I woke up Wednesday with windows open and watched the sunrise. Then I remembered, oh my goodness!!! I have to preach on Sunday. I walked downstairs and sat on the porch and did Bible Study, beginning to prepare for Sunday’s sermon.
Next Sunday we will hear the gospel about Jesus sending the 70 or is it the 72 out–they could never get the count right. Anyway. I was immediately struck by Jesus’ instructions to leave behind purse, bag, and sandals.
On Good Friday, 2015, my wallet had been stolen while I prayed the Good Froday service.
Bags and other things I’d thought important and necessary were gone because of the flood waters. Still, according to our Gospel, I have everything I need to do whatever, wherever, Jesus sends me. I have Jesus behind me. I have other people with me. I am not alone.
When I think about mission, about being sent out be Jesus, one of the things that makes me sad is that right now I don’t seem to be able to do the things I think I should be doing. I think of all the things I’d like to accomplish that are being left undone.
Then I read Suzanne Guthrie’s commentary on the Gospel. She talks about all the ministry she would loves to imagine doing but health issues have limited what she is able to do. Suzanne has become content with doing what she is being sent to do right now–to write, to teach, to pray. She knows that is enough.
I went to the noon Healing Eucharist in the next town over. Except the priest didn’t show up. Instead, a member of the parish, Bob, was present, and he said that we could do Noonday Prayer instead. Bob said that he was prepared to lead, but offered for me to officiate (my friend had introduced me to him as a priest). I told him that I was willing to serve, but that I was good deferring to him. The three of us formed a circle of chairs and read the Scripture for the Feast Day of St. Peter and St. Paul. Bob offered a homily, and then we did prayers for healing. Afterwards, my friend and I went into the chapel and walked the labyrinth, and I prayed some more.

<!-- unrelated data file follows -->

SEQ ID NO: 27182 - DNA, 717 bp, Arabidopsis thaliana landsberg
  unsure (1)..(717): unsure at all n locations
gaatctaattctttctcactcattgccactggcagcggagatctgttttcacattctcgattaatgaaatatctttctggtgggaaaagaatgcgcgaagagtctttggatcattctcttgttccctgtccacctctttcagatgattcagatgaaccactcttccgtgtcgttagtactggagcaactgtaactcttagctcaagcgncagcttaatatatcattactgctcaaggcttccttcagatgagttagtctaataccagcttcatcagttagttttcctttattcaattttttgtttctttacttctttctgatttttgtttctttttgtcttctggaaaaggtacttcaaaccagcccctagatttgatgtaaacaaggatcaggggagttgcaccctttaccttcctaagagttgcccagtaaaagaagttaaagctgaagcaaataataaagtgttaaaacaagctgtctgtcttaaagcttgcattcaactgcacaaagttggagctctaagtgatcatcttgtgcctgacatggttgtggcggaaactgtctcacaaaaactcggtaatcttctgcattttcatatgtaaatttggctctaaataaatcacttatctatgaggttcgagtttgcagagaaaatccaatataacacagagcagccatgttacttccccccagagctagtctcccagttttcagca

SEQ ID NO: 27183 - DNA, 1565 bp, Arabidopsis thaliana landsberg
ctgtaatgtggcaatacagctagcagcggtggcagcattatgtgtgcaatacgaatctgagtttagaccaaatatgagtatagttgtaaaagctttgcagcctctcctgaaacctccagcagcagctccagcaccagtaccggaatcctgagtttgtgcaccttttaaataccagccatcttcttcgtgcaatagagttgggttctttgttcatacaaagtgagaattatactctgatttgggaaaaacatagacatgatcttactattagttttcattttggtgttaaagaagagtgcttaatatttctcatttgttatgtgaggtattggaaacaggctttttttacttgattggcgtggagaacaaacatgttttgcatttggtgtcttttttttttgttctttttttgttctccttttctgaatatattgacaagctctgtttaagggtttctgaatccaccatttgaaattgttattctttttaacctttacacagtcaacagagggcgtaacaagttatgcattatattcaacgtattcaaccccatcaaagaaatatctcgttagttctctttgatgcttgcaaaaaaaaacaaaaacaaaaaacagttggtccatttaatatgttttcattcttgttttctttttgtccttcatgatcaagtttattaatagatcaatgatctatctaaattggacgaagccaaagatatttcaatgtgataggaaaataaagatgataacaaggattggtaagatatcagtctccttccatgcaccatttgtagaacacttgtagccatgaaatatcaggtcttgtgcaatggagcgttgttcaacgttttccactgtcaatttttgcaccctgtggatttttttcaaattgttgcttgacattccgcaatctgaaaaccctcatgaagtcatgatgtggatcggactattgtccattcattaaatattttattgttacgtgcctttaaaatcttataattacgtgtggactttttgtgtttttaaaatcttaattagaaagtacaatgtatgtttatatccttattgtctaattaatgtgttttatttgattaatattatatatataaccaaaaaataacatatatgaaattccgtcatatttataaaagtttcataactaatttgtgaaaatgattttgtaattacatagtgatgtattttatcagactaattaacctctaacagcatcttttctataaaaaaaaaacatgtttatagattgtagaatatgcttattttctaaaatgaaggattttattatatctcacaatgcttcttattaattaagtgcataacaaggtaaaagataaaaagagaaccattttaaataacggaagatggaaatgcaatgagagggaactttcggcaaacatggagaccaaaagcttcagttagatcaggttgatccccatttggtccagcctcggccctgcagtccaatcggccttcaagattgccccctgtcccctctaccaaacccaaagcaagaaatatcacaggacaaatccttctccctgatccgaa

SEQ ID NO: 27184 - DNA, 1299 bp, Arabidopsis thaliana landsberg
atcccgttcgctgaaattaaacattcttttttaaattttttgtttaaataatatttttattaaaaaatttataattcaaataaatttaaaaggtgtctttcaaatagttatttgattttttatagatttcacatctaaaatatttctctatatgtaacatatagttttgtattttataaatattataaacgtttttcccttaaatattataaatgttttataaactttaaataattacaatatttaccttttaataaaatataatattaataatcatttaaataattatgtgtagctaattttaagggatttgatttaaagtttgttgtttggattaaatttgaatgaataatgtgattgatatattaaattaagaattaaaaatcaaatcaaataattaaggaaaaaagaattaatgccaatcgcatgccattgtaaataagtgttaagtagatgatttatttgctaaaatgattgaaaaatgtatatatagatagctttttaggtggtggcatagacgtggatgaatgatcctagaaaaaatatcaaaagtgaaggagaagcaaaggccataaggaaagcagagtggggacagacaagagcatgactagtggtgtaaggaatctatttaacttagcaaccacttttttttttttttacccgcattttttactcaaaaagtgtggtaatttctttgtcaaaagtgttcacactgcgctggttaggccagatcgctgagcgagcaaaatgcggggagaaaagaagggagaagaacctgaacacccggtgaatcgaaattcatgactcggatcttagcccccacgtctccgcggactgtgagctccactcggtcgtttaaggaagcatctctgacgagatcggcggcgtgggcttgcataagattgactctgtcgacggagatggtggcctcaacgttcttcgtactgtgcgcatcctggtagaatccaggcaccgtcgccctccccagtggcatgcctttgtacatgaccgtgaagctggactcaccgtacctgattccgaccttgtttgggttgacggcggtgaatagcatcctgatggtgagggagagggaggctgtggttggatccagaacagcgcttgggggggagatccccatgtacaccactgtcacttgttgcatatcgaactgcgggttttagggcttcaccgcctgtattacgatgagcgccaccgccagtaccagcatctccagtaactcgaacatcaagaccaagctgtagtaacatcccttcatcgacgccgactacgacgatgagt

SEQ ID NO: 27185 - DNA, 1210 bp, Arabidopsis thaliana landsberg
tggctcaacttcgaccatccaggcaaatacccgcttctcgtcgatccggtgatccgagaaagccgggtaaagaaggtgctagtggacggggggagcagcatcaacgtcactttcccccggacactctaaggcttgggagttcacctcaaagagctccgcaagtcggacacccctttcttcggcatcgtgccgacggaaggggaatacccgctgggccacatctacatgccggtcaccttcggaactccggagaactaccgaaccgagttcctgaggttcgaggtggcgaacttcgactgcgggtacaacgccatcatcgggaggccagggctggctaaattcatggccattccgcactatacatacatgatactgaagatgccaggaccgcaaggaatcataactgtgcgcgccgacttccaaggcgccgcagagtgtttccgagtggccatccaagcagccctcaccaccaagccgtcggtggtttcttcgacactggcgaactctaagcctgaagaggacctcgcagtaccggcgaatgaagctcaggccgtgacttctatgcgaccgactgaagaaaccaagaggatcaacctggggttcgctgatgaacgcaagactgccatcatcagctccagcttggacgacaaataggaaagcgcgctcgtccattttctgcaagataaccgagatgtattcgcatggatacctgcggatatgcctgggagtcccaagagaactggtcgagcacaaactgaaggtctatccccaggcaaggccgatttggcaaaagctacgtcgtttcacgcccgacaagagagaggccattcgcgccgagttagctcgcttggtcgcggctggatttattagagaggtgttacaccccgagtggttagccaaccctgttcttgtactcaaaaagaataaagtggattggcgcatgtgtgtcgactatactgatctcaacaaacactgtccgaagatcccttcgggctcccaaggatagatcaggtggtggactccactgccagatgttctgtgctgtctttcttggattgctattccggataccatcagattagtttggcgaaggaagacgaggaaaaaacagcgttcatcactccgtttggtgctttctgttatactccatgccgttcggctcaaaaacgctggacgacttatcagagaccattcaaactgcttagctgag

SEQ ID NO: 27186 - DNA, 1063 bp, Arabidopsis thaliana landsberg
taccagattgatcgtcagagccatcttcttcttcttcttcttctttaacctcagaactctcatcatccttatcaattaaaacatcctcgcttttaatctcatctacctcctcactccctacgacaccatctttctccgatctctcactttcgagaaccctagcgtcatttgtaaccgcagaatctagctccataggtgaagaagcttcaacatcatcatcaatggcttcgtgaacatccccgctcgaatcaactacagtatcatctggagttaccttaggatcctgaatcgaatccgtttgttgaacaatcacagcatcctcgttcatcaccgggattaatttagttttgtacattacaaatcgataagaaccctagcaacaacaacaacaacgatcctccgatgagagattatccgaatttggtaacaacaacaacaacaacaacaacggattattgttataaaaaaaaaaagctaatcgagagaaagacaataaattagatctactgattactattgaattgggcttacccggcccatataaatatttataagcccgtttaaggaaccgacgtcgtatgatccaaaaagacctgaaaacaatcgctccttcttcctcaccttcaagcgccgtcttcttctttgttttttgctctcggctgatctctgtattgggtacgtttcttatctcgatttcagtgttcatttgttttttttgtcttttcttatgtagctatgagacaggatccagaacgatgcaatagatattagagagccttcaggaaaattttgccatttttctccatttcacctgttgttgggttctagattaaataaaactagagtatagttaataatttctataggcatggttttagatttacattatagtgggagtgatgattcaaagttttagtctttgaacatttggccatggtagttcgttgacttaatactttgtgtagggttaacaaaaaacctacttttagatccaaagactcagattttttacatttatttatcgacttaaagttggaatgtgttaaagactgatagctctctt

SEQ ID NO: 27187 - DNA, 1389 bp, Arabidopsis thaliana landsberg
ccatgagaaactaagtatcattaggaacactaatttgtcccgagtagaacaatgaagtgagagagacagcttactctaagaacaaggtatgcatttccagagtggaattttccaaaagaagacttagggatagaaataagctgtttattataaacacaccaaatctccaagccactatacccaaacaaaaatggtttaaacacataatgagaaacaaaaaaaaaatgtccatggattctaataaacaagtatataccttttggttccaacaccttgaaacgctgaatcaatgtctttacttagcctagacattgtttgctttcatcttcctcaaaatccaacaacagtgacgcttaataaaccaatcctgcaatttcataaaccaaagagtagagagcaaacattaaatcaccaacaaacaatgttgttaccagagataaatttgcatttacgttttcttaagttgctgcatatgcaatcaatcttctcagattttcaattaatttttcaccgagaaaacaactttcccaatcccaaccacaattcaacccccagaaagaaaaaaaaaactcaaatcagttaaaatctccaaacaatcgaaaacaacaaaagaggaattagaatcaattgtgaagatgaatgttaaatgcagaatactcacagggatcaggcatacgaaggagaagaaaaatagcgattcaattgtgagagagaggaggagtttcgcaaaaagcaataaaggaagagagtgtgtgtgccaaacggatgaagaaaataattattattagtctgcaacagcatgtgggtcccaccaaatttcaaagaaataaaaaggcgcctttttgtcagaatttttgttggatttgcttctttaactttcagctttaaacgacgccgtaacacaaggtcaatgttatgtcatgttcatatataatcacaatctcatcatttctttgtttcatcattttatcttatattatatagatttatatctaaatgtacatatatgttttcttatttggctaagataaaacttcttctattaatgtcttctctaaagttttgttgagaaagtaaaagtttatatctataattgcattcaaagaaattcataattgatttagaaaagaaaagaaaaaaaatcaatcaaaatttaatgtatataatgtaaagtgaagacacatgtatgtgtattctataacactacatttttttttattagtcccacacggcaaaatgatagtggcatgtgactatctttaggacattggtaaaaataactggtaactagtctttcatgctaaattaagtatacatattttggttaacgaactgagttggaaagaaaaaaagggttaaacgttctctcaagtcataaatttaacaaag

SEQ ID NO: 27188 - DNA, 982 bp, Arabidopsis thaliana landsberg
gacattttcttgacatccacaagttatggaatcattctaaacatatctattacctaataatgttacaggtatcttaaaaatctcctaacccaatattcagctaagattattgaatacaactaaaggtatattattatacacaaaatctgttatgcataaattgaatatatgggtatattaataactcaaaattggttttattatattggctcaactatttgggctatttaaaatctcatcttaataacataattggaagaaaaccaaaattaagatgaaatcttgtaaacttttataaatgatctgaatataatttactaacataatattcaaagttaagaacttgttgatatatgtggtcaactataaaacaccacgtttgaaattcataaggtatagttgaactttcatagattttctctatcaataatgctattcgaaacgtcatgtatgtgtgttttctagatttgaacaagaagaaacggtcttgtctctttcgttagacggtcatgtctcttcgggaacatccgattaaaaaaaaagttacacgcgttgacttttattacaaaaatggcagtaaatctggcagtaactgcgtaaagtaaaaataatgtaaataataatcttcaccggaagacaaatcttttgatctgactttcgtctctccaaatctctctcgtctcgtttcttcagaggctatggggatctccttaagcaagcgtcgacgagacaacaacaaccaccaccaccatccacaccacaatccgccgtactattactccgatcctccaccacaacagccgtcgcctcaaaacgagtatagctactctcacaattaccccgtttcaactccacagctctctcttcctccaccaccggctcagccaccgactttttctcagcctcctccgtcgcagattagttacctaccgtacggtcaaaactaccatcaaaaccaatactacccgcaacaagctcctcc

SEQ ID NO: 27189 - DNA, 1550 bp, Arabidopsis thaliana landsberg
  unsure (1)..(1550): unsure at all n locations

When we had entered the church, Bob had said that the priest was not likely to show up because she was ill. As we had prayed before worship, I knew that I could offer to celebrate the Eucharist, but somehow it didn’t feel like I was supposed to offer. I hope that I was listening to the Spirit, of Jesus walking behind me guiding me gently. Worship was fine without my priestly hands. At the healing portion of Nnonday prayers, Bob anointed and prayed for me, and I did the same for him.
In the afternoon, my friend and I did the next lesson in my online retreat. It was a dance called Peregrine. The words of the song are:
No rudder, sails nor oars
Trusting the current
Trusting the course
Our hearts are ready, fully ripe
Our hearts are ready for new life (Richard Bruxvoort Colligan)
This morning before I left to fly back to Houston, my friend and I took a few moments to do Centering Prayer on a bench amidst her garden on the deck. Yet another prayer chair was provided for me. The phrase that bubbled up during the quiet was the path is home.
I am still sorting things out. I am still grieving. But among the gifts of this retreat are places along the path, which is my home, to sit in whatever prayer chair provided and ponder and continue to heal. I don’t like being broken. I don’t like being vulnerable. But it is the path. It is home.